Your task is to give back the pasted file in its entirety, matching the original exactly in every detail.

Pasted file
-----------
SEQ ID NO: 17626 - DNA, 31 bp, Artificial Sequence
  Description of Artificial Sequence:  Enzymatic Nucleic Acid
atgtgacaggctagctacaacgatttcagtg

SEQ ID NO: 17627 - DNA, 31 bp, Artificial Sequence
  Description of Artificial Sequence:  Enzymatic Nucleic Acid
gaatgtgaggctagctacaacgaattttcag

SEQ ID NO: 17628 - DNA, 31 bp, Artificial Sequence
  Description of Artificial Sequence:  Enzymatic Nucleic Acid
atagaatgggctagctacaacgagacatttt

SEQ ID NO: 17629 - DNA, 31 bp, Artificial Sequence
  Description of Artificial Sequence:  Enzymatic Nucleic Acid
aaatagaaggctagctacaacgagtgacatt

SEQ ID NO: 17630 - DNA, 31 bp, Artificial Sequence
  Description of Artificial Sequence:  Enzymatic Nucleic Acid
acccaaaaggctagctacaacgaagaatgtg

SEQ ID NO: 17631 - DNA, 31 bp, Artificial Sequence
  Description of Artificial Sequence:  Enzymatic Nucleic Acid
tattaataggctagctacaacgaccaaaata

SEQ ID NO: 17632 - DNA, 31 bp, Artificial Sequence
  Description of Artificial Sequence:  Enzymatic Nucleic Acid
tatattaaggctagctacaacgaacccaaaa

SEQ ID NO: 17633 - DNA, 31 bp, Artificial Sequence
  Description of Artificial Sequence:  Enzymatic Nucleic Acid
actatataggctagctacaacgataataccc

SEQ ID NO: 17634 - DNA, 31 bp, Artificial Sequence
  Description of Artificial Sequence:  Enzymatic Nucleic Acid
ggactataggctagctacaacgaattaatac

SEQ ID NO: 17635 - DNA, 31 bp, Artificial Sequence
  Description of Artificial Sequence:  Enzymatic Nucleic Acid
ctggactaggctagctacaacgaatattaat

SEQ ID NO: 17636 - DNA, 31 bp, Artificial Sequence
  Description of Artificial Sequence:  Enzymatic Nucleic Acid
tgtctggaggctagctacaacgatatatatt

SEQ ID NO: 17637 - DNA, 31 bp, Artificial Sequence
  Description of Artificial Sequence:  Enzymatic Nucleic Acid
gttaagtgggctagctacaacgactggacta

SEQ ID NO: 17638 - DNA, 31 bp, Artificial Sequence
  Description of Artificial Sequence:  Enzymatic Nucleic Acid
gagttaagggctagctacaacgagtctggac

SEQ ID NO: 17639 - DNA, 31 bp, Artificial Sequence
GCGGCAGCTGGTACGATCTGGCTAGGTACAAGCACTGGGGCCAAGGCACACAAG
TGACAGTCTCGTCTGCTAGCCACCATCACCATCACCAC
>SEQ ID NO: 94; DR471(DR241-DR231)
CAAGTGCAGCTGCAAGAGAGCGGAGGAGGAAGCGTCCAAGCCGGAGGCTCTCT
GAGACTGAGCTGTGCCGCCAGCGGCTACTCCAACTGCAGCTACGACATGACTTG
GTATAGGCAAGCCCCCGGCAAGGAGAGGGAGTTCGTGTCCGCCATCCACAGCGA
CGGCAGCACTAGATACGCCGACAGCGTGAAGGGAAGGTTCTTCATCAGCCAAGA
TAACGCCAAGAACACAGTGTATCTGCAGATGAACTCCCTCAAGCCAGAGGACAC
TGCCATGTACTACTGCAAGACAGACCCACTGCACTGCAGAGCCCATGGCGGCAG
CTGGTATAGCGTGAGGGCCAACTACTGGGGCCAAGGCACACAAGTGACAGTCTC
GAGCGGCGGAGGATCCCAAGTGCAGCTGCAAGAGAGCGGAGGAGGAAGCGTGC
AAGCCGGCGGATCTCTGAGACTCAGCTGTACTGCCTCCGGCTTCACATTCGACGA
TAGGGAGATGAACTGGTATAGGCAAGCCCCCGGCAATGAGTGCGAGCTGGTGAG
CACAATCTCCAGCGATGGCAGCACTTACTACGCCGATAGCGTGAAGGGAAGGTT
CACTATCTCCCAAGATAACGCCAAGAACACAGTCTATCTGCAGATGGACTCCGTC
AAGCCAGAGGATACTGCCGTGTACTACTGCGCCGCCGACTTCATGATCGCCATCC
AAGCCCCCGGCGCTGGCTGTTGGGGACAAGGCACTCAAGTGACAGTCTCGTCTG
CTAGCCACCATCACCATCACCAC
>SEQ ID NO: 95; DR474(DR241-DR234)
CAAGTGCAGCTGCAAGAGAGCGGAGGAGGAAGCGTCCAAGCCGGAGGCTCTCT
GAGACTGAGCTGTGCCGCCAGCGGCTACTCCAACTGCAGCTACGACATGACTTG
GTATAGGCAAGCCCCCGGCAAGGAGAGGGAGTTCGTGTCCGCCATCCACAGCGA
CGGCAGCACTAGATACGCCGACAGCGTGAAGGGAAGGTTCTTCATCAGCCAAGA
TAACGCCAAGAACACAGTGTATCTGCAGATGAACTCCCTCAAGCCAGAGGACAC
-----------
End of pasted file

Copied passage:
SEQ ID NO: 17626 - DNA, 31 bp, Artificial Sequence
  Description of Artificial Sequence:  Enzymatic Nucleic Acid
atgtgacaggctagctacaacgatttcagtg

SEQ ID NO: 17627 - DNA, 31 bp, Artificial Sequence
  Description of Artificial Sequence:  Enzymatic Nucleic Acid
gaatgtgaggctagctacaacgaattttcag

SEQ ID NO: 17628 - DNA, 31 bp, Artificial Sequence
  Description of Artificial Sequence:  Enzymatic Nucleic Acid
atagaatgggctagctacaacgagacatttt

SEQ ID NO: 17629 - DNA, 31 bp, Artificial Sequence
  Description of Artificial Sequence:  Enzymatic Nucleic Acid
aaatagaaggctagctacaacgagtgacatt

SEQ ID NO: 17630 - DNA, 31 bp, Artificial Sequence
  Description of Artificial Sequence:  Enzymatic Nucleic Acid
acccaaaaggctagctacaacgaagaatgtg

SEQ ID NO: 17631 - DNA, 31 bp, Artificial Sequence
  Description of Artificial Sequence:  Enzymatic Nucleic Acid
tattaataggctagctacaacgaccaaaata

SEQ ID NO: 17632 - DNA, 31 bp, Artificial Sequence
  Description of Artificial Sequence:  Enzymatic Nucleic Acid
tatattaaggctagctacaacgaacccaaaa

SEQ ID NO: 17633 - DNA, 31 bp, Artificial Sequence
  Description of Artificial Sequence:  Enzymatic Nucleic Acid
actatataggctagctacaacgataataccc

SEQ ID NO: 17634 - DNA, 31 bp, Artificial Sequence
  Description of Artificial Sequence:  Enzymatic Nucleic Acid
ggactataggctagctacaacgaattaatac

SEQ ID NO: 17635 - DNA, 31 bp, Artificial Sequence
  Description of Artificial Sequence:  Enzymatic Nucleic Acid
ctggactaggctagctacaacgaatattaat

SEQ ID NO: 17636 - DNA, 31 bp, Artificial Sequence
  Description of Artificial Sequence:  Enzymatic Nucleic Acid
tgtctggaggctagctacaacgatatatatt

SEQ ID NO: 17637 - DNA, 31 bp, Artificial Sequence
  Description of Artificial Sequence:  Enzymatic Nucleic Acid
gttaagtgggctagctacaacgactggacta

SEQ ID NO: 17638 - DNA, 31 bp, Artificial Sequence
  Description of Artificial Sequence:  Enzymatic Nucleic Acid
gagttaagggctagctacaacgagtctggac

SEQ ID NO: 17639 - DNA, 31 bp, Artificial Sequence
GCGGCAGCTGGTACGATCTGGCTAGGTACAAGCACTGGGGCCAAGGCACACAAG
TGACAGTCTCGTCTGCTAGCCACCATCACCATCACCAC
>SEQ ID NO: 94; DR471(DR241-DR231)
CAAGTGCAGCTGCAAGAGAGCGGAGGAGGAAGCGTCCAAGCCGGAGGCTCTCT
GAGACTGAGCTGTGCCGCCAGCGGCTACTCCAACTGCAGCTACGACATGACTTG
GTATAGGCAAGCCCCCGGCAAGGAGAGGGAGTTCGTGTCCGCCATCCACAGCGA
CGGCAGCACTAGATACGCCGACAGCGTGAAGGGAAGGTTCTTCATCAGCCAAGA
TAACGCCAAGAACACAGTGTATCTGCAGATGAACTCCCTCAAGCCAGAGGACAC
TGCCATGTACTACTGCAAGACAGACCCACTGCACTGCAGAGCCCATGGCGGCAG
CTGGTATAGCGTGAGGGCCAACTACTGGGGCCAAGGCACACAAGTGACAGTCTC
GAGCGGCGGAGGATCCCAAGTGCAGCTGCAAGAGAGCGGAGGAGGAAGCGTGC
AAGCCGGCGGATCTCTGAGACTCAGCTGTACTGCCTCCGGCTTCACATTCGACGA
TAGGGAGATGAACTGGTATAGGCAAGCCCCCGGCAATGAGTGCGAGCTGGTGAG
CACAATCTCCAGCGATGGCAGCACTTACTACGCCGATAGCGTGAAGGGAAGGTT
CACTATCTCCCAAGATAACGCCAAGAACACAGTCTATCTGCAGATGGACTCCGTC
AAGCCAGAGGATACTGCCGTGTACTACTGCGCCGCCGACTTCATGATCGCCATCC
AAGCCCCCGGCGCTGGCTGTTGGGGACAAGGCACTCAAGTGACAGTCTCGTCTG
CTAGCCACCATCACCATCACCAC
>SEQ ID NO: 95; DR474(DR241-DR234)
CAAGTGCAGCTGCAAGAGAGCGGAGGAGGAAGCGTCCAAGCCGGAGGCTCTCT
GAGACTGAGCTGTGCCGCCAGCGGCTACTCCAACTGCAGCTACGACATGACTTG
GTATAGGCAAGCCCCCGGCAAGGAGAGGGAGTTCGTGTCCGCCATCCACAGCGA
CGGCAGCACTAGATACGCCGACAGCGTGAAGGGAAGGTTCTTCATCAGCCAAGA
TAACGCCAAGAACACAGTGTATCTGCAGATGAACTCCCTCAAGCCAGAGGACAC